Vinson Cunningham is a critic with New Yorker. This account has been auto-generated, and does not indicate that this person is an active member of Show-Score.com. That said, if you "follow" this member, you will automatically be updated whenever s/he writes a new review.
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“The play acts like a whittling knife, refining and clarifying as it cuts. The first act is broad and impressionistic, and each of the next two sections is more realistic and denser with psychic danger than the last...What ensues is not only a deft exploration of what happens when love and power collide but also an excavation of a newly common kind of political-academic talk...Harris shows how the language of critical theory and that of Freudian talk therapy have come to echo each other." Full Review
“Kong is the show’s true star. He’s huge, muscular, and bottomlessly dark—all black and gray. His hands and feet are operated, in minutest detail, by a small, dancerly army, and his face moves via uncannily precise—and, I’ll admit, touching...There aren’t any instantly classic songs in the show, which makes it unlikely to be a long-lasting item of interest, but it’s fun simply because of Kong’s presence. The audience laughed and gasped...We whooped when he stood to his full height." Full Review
"Gladys is so much the object of our interest that a tendril of plot about real estate—the landlord wants the gallery gone—feels tacked on, and better forgotten. More fruitful is the chorus of talk that surrounds Gladys...'Waverly' will not be remembered as one of Lonergan’s major works, but this production, directed by Lila Neugebauer, showcases his great and singular talent for splitting open brisk, bookish people like these." Full Review
"McPherson attempts to surround several of Dylan’s tunes with a frame vague enough to contain their poetry and broad enough to relate their social truths...A show that fully accepted the challenge of Dylan’s elusive balance between unstable consciousness and tough social fact might have told more of its story through the lives of these two women...A different setting in time might have helped as well...McPherson offers up plenty of people...but never a voice, or a mind, like Dylan’s." Full Review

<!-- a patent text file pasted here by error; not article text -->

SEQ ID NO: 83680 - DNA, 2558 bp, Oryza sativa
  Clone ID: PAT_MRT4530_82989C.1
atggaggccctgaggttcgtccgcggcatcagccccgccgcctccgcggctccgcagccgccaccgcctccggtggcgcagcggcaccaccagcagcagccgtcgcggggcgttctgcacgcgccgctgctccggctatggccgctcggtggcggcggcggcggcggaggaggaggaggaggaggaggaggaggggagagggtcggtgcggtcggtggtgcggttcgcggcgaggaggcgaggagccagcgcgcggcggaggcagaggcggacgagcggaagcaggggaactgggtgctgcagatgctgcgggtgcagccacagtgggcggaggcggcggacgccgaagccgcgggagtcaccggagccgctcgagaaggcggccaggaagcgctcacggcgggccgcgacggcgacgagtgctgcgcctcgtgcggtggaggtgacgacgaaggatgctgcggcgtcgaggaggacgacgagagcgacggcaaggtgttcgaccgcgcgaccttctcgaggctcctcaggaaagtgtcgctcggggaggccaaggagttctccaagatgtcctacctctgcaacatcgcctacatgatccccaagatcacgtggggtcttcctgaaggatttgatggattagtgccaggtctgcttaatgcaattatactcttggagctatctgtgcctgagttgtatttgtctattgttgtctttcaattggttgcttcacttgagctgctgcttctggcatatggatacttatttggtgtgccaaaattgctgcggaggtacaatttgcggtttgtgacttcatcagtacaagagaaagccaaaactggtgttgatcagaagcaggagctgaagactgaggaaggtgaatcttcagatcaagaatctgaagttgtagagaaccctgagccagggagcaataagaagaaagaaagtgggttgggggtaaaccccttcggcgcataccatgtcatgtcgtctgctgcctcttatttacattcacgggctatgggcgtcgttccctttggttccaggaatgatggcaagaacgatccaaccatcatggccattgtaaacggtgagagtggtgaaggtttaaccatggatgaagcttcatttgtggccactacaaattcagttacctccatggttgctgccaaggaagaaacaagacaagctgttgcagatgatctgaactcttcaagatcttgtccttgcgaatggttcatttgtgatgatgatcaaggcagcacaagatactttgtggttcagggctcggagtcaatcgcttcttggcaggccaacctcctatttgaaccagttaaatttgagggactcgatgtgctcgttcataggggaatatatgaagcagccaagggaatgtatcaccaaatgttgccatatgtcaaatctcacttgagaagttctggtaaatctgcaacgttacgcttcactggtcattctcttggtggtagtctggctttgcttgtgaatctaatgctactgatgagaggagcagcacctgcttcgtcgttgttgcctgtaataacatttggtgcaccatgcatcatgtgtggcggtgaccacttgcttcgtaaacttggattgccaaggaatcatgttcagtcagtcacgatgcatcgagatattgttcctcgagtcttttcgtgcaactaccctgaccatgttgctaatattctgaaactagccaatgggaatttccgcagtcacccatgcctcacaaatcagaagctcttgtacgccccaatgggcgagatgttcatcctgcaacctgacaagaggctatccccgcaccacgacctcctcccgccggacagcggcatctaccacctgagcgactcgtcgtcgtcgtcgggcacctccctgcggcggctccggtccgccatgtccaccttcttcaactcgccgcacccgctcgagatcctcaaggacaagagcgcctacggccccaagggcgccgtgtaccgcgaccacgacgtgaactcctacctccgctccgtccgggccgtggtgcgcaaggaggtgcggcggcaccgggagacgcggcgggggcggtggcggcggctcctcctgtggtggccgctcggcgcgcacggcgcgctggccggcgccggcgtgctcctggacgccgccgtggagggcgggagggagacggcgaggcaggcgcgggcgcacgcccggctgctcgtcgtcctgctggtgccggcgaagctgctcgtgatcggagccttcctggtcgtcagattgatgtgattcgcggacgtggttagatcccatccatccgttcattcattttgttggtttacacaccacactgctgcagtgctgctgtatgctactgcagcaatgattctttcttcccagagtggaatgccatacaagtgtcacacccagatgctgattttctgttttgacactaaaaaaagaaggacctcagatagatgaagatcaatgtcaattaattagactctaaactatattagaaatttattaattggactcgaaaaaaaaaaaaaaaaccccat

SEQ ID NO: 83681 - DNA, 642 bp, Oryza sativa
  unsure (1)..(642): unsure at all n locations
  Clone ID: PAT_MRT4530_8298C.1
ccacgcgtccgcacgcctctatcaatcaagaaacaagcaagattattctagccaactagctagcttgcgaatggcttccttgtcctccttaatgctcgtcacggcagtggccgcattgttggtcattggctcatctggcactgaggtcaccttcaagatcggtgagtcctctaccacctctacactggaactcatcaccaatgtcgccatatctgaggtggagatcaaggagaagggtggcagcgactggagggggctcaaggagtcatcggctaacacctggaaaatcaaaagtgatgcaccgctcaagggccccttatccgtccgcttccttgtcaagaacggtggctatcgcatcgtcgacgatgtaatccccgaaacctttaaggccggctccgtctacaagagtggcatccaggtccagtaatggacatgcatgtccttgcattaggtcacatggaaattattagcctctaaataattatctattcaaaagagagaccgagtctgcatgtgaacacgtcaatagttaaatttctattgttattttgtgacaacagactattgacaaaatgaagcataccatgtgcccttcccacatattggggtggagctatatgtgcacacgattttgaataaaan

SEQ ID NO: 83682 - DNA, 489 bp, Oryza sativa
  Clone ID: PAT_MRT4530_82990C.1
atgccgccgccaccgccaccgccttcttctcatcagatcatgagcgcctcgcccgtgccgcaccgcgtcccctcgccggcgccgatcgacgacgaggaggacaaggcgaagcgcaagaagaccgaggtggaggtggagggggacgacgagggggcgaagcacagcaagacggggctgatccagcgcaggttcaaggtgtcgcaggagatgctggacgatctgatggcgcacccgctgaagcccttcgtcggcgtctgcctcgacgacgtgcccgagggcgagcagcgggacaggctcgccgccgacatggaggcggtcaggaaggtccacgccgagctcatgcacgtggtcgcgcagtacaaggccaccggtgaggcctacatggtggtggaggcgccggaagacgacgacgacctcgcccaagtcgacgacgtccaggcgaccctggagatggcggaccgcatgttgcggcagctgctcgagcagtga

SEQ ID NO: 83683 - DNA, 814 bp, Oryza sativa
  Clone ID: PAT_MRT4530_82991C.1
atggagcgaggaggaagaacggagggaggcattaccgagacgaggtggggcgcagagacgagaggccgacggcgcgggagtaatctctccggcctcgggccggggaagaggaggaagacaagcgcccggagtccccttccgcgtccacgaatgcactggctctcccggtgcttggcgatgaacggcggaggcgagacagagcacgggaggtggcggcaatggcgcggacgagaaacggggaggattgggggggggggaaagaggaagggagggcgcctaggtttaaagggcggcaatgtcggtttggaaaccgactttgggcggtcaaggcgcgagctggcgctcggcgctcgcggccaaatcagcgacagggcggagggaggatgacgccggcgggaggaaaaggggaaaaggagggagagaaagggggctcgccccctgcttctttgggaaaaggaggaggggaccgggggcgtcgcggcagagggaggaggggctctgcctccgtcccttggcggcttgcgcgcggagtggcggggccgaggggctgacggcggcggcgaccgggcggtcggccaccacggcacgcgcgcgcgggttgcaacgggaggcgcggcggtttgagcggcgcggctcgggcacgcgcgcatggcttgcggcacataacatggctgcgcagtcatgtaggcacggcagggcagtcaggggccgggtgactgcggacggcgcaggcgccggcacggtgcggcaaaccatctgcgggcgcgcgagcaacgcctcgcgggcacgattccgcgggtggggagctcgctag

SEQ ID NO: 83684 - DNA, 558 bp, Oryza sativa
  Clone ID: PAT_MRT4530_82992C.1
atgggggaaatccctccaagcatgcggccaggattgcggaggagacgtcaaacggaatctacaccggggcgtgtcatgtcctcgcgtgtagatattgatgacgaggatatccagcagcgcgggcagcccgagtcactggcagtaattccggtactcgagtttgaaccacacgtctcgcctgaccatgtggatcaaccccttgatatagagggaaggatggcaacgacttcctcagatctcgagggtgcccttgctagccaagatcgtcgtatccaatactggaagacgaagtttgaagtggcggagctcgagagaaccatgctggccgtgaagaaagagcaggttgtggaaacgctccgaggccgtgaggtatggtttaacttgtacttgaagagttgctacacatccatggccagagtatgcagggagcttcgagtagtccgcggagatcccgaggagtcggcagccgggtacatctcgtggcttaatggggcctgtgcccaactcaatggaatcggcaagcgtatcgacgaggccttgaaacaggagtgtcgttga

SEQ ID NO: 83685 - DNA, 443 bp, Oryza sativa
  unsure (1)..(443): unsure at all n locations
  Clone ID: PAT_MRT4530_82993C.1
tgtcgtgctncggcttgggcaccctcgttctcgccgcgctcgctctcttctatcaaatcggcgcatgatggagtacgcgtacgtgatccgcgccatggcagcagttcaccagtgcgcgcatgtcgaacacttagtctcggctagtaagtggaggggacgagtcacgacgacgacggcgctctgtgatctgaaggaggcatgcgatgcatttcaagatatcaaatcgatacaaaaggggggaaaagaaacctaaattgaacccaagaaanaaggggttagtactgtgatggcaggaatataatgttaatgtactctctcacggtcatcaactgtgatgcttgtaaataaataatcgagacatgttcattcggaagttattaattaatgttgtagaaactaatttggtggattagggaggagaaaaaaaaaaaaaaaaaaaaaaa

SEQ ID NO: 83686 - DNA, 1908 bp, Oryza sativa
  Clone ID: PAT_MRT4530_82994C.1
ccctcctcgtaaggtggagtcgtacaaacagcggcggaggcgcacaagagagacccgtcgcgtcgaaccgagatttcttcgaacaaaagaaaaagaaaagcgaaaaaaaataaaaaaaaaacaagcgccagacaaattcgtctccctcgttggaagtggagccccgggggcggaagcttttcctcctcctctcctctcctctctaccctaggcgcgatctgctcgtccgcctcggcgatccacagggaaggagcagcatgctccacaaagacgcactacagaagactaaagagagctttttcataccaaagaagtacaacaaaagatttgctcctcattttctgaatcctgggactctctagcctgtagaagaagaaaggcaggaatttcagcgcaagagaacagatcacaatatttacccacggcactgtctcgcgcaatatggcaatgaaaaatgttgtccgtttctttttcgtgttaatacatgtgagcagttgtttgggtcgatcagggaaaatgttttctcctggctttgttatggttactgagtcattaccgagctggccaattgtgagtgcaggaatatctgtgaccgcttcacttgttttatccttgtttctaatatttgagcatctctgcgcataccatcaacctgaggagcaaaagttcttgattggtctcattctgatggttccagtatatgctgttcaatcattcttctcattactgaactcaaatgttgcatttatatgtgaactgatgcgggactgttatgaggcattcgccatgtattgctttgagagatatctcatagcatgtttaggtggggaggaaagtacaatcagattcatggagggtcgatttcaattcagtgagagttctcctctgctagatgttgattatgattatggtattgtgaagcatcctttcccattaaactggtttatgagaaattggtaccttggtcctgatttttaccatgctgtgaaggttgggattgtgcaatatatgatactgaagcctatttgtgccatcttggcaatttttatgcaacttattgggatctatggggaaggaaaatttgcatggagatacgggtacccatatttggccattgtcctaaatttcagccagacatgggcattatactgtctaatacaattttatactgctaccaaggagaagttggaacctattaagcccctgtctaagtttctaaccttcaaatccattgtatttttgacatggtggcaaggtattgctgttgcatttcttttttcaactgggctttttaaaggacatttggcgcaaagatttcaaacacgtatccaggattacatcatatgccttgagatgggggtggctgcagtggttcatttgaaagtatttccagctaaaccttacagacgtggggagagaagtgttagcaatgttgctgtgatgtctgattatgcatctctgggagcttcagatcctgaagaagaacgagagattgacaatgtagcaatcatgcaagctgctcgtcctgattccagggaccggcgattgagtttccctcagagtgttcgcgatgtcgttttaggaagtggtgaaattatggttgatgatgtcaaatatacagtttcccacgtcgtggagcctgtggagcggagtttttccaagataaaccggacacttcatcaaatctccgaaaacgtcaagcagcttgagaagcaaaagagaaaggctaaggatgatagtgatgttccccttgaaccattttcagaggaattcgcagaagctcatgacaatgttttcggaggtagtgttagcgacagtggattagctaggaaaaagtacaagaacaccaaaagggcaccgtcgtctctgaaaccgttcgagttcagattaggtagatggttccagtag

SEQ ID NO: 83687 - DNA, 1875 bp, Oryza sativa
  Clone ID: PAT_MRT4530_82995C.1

for a previous production "The drama has been reworked so that the court case against Robinson is the frame for the whole play...The wrinkle is that Sorkin is very obviously worried about Trump, and about what the current political dispensation means for white folks of all political and ethical stripes...’To Kill a Mockingbird’ is a showcase for the competing liberal views of the races, depicting them in a kind of tortured but ever-improving dance.” Full Review
"“It’s hard—and, given the volume of choices, maybe ultimately impossible—to isolate the worst aspect of ‘American Son’…There’s the stilted, bulky dialogue, through which the characters deliver loads of exposition...Nobody says anything interesting, or funny, or surprising. The acting is even less flavorful, probably as a result of the deficient script...But what struck me as frankly offensive about 'American Son' was its treatment of the son, Jamal, who never appears onstage.” Full Review
"Because of its length—more than three hours—the play feels epic, but the actual plot is fairly simple. Most of the time is spent in the presence of the family as they go about their business, until, suddenly, the business becomes impossible to do. Part of the art here is in how the everyday turns sinister...Death and politics are always coming for you, Butterworth’s play seems to say." Full Review